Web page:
The noise has beendeafening. Iconic Wall Street brands are falling over with a resounding thudlike billion dollar dominoes-Bear Stearns, Lehman Brothers, AIG, plus Fannieand Freddie. Amid the rubble is billions of dollars in lost brand equity, ashattering of trust that threatens to attach itself to the entire industry.Even the perceptions of those companies that have been relatively unscathed bythe sub-prime mortgage debacle are likely to be tarnished.
Financial brands ofmany types are feeling the pain. The two remaining investment bank firms,Goldman Sachs and Morgan Stanley, have scurried for the safety of commercialbank status, but in the process have been tainted as well. All brands depend inlarge part on an emotional bond of trust with their market, investment firms,banks, and brokerages more so than most. When a company breaks that trust(anybody remember accounting giant Arthur Andersen?) it can bring it crashingdown. But when an entire industry is called into question, every company in itpays the price.
Bullish onAmerica? More like Sheepish.
Part of the flurryof action in the coming weeks and months will include a rush to begin shoringup surviving brands-watch as messages shift from performance-based boasts tosecurity-based reassurances, with many likely to stress adherence toconservative fundamentals that have been proven over time and have “always”formed the backbone of their philosophy. If it sounds like a lot of spin iscoming our way, it’s because it is.
A recent email toING Direct account holders serves as an early example:
“We will continue to stress the right way to achieve home ownership -buying only as much house as you can afford and paying off your mortgage asfast as possible. In return for good credit and prioritizing home investment,ING DIRECT mortgage Customers are rewarded with exceptional rates and atransparent, direct administration process.”
Feel reassured?Maybe not, but it’s a step in the right direction for ING and others like them.Rebuilding trust takes time.
Smaller brandsshould see a chance to flourish
All across thecountry, fearful investors have been lighting up the phone lines to theirfinancial advisors with questions about the stability and security of theirinvestments and the brokerages themselves. Ken Eshleman, a Certified FinancialPlanner at EHD Advisory Services, Inc, a Lancaster-based financial servicesfirm, sees this as a great opportunity.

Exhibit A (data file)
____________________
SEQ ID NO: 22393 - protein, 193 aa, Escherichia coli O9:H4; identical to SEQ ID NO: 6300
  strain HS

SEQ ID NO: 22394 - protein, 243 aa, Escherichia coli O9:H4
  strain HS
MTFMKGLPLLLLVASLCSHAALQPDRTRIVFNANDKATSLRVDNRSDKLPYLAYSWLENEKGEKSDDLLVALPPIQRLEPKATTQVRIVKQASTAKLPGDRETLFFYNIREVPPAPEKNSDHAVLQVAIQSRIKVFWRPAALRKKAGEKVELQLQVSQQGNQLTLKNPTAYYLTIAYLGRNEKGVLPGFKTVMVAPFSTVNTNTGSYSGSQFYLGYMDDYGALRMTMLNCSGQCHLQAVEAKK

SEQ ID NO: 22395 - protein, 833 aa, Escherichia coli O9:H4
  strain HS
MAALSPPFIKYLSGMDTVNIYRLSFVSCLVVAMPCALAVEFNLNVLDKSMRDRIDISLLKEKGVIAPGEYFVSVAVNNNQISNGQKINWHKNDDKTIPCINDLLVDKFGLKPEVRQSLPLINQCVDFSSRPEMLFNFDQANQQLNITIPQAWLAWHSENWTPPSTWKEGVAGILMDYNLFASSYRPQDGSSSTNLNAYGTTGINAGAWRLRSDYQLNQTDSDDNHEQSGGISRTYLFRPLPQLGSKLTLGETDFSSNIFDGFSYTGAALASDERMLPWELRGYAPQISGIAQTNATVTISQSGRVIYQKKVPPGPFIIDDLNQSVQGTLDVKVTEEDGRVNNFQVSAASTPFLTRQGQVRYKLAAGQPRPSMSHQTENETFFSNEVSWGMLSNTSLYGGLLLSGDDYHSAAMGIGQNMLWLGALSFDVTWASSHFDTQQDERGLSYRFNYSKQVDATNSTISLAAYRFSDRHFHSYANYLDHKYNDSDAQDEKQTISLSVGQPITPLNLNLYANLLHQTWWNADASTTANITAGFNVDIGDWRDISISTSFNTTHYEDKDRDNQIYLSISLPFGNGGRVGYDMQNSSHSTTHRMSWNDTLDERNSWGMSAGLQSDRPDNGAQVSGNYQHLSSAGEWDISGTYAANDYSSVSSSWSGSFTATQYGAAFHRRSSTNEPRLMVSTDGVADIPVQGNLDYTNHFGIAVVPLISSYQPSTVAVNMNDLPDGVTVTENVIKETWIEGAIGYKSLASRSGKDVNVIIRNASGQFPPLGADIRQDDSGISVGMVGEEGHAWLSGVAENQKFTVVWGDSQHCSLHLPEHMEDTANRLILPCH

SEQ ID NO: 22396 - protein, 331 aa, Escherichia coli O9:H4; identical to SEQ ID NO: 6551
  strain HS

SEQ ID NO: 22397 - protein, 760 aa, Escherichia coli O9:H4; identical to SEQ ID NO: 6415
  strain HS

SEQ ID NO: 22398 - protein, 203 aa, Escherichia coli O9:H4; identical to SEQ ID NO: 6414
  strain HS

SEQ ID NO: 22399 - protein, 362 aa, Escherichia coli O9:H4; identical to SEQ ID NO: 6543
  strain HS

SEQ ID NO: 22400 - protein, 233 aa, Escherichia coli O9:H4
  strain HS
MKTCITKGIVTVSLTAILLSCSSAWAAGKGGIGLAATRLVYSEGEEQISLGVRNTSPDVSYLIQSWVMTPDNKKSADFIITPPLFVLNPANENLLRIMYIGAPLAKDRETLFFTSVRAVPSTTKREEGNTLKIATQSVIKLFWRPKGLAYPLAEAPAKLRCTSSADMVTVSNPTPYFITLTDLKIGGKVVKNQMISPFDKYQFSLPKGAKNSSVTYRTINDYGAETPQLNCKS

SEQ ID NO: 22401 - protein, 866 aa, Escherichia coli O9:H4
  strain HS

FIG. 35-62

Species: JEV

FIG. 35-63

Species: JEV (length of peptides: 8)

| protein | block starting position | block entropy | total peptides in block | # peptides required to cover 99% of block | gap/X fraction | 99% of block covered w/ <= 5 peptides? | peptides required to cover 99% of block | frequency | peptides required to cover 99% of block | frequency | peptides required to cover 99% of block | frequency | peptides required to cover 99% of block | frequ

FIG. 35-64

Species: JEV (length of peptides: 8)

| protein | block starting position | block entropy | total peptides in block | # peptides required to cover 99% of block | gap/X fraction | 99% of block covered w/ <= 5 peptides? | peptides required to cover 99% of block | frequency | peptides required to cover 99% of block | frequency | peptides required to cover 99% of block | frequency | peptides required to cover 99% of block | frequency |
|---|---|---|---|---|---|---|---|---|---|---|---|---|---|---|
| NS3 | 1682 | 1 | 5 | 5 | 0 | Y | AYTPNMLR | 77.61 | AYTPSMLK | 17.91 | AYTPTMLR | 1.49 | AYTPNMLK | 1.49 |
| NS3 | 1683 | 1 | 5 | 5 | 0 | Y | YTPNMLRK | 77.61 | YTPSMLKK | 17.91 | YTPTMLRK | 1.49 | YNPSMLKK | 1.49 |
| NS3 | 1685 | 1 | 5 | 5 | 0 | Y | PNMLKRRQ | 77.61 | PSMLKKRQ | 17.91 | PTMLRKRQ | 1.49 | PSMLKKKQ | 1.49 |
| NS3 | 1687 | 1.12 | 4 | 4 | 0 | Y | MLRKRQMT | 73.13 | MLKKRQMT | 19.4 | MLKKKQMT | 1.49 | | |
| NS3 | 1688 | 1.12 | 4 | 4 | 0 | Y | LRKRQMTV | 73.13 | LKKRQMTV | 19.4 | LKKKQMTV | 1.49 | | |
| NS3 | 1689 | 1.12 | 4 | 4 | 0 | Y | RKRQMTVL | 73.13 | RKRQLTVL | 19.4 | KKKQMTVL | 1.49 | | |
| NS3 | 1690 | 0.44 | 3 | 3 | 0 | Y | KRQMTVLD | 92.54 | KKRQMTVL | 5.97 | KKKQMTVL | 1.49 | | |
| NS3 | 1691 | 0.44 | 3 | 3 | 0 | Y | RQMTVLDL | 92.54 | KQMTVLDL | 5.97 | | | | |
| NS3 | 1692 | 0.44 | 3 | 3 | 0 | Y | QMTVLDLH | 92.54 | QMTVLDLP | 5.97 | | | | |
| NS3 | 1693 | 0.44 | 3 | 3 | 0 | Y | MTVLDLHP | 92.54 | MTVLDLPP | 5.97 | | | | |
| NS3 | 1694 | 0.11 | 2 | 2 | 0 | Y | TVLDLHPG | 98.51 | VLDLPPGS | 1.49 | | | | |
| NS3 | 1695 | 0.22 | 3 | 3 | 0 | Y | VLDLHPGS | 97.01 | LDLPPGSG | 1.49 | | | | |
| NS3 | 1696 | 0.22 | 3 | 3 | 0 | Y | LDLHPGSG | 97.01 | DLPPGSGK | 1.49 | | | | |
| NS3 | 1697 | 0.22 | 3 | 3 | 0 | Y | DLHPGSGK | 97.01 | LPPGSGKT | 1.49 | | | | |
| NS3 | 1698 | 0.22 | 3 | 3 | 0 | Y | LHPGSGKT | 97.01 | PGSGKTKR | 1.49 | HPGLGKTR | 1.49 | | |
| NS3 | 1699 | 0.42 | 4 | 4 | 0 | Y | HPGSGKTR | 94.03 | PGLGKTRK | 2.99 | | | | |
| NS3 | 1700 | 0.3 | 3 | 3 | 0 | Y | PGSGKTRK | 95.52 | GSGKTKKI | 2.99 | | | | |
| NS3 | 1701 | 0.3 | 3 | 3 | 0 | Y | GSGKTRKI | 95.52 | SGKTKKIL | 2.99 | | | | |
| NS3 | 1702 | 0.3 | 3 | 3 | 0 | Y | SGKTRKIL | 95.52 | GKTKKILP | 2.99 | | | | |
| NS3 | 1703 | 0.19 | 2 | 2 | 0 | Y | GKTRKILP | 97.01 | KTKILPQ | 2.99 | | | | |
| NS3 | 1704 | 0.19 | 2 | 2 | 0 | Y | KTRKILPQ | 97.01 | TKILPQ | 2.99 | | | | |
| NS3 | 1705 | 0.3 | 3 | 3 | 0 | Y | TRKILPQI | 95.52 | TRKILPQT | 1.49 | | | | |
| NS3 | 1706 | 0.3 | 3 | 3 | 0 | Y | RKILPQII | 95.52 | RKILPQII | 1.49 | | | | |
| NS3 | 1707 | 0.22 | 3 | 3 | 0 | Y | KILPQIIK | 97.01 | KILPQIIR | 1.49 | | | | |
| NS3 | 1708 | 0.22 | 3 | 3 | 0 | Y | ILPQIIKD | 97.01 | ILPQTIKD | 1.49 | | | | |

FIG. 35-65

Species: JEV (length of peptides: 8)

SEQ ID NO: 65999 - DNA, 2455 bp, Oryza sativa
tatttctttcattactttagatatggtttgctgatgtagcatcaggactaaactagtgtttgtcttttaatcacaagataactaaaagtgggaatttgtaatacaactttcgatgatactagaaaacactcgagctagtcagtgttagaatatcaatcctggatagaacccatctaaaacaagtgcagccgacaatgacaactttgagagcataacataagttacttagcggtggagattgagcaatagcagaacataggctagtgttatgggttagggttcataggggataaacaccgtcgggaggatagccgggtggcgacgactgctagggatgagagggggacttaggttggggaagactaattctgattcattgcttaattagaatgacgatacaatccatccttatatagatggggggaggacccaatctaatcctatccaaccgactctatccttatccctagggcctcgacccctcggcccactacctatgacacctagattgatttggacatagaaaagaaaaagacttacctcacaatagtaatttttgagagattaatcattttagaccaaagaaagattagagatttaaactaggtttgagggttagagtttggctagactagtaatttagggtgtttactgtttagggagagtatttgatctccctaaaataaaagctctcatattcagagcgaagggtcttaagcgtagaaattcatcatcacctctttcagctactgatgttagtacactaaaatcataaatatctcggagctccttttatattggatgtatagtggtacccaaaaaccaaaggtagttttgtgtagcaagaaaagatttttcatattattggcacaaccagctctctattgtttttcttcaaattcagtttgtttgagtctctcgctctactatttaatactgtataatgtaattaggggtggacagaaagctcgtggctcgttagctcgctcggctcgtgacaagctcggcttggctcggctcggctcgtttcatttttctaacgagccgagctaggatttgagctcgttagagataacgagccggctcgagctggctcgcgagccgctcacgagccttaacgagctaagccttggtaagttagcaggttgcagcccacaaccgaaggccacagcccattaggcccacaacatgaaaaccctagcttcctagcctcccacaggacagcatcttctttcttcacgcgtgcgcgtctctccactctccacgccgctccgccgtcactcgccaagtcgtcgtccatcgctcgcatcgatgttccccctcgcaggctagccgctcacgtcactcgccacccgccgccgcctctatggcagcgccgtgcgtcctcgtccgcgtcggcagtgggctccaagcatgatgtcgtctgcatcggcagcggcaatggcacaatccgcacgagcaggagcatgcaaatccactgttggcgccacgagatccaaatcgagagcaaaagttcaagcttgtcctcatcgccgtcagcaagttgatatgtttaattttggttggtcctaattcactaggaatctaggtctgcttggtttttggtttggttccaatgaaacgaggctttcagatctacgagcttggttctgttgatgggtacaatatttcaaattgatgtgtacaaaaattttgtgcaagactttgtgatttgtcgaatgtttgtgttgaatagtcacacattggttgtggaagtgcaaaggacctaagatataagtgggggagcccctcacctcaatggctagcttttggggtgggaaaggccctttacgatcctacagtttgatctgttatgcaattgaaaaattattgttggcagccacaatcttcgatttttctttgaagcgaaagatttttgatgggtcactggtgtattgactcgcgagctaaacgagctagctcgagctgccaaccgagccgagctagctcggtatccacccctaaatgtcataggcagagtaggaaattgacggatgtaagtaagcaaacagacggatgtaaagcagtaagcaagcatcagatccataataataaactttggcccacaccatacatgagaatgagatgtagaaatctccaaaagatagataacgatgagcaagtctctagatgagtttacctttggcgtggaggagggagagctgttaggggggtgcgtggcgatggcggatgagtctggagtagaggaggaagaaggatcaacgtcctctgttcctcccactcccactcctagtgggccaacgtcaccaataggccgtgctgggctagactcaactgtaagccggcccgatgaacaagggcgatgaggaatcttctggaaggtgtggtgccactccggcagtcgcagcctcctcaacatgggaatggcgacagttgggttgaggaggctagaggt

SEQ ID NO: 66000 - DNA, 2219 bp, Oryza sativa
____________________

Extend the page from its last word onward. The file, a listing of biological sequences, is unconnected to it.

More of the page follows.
“Myclients are mad,” says Eshleman. “Mad at the system. Mad at Wall Street. Ithink people will be more uncertain about big financial brands in general. Forus I think it’s positive because we’re local and independent. It’s so ironicbecause it used to be that if you had a relationship with Merrill Lynch youwere in an elite class. Now it can be seen as a negative.”
Smallerinvestment banks are seeing opportunity as well. So says Phillip Gelso ofEvergreen Capital, LLC, a firm based in Columbia, Maryland. “It’s hard to makedeals when value is uncertain,” he notes. “Anxiety creates apathy. But we workso closely with our clients, compared to some larger firms, that we believethis should be a time of growth for us.”
Brands can fallovernight, but must build over time
For the big brandsthat have recently tumbled, it is probably too late for redemption. Many willgo the path of Bear Stearns and disappear, too damaged to warrant repairs, themarketing equivalent of totaled by a high speed collision with their own shakyinvestment decisions.
Wounded brands likeMerrill Lynch may survive as part of another company, but it will take atransfusion of brand equity from new owner Bank of America to lift them back toprominence. Most companies in the field will have to invest time and money inreinforcing their brand perceptions with their clientele. The greatest promisemay be for smaller brands in the financial industry that have remained stable.For them this is a period of opportunity to step forward, establish new relationships,and build brand equity amid the ruins of fallen giants.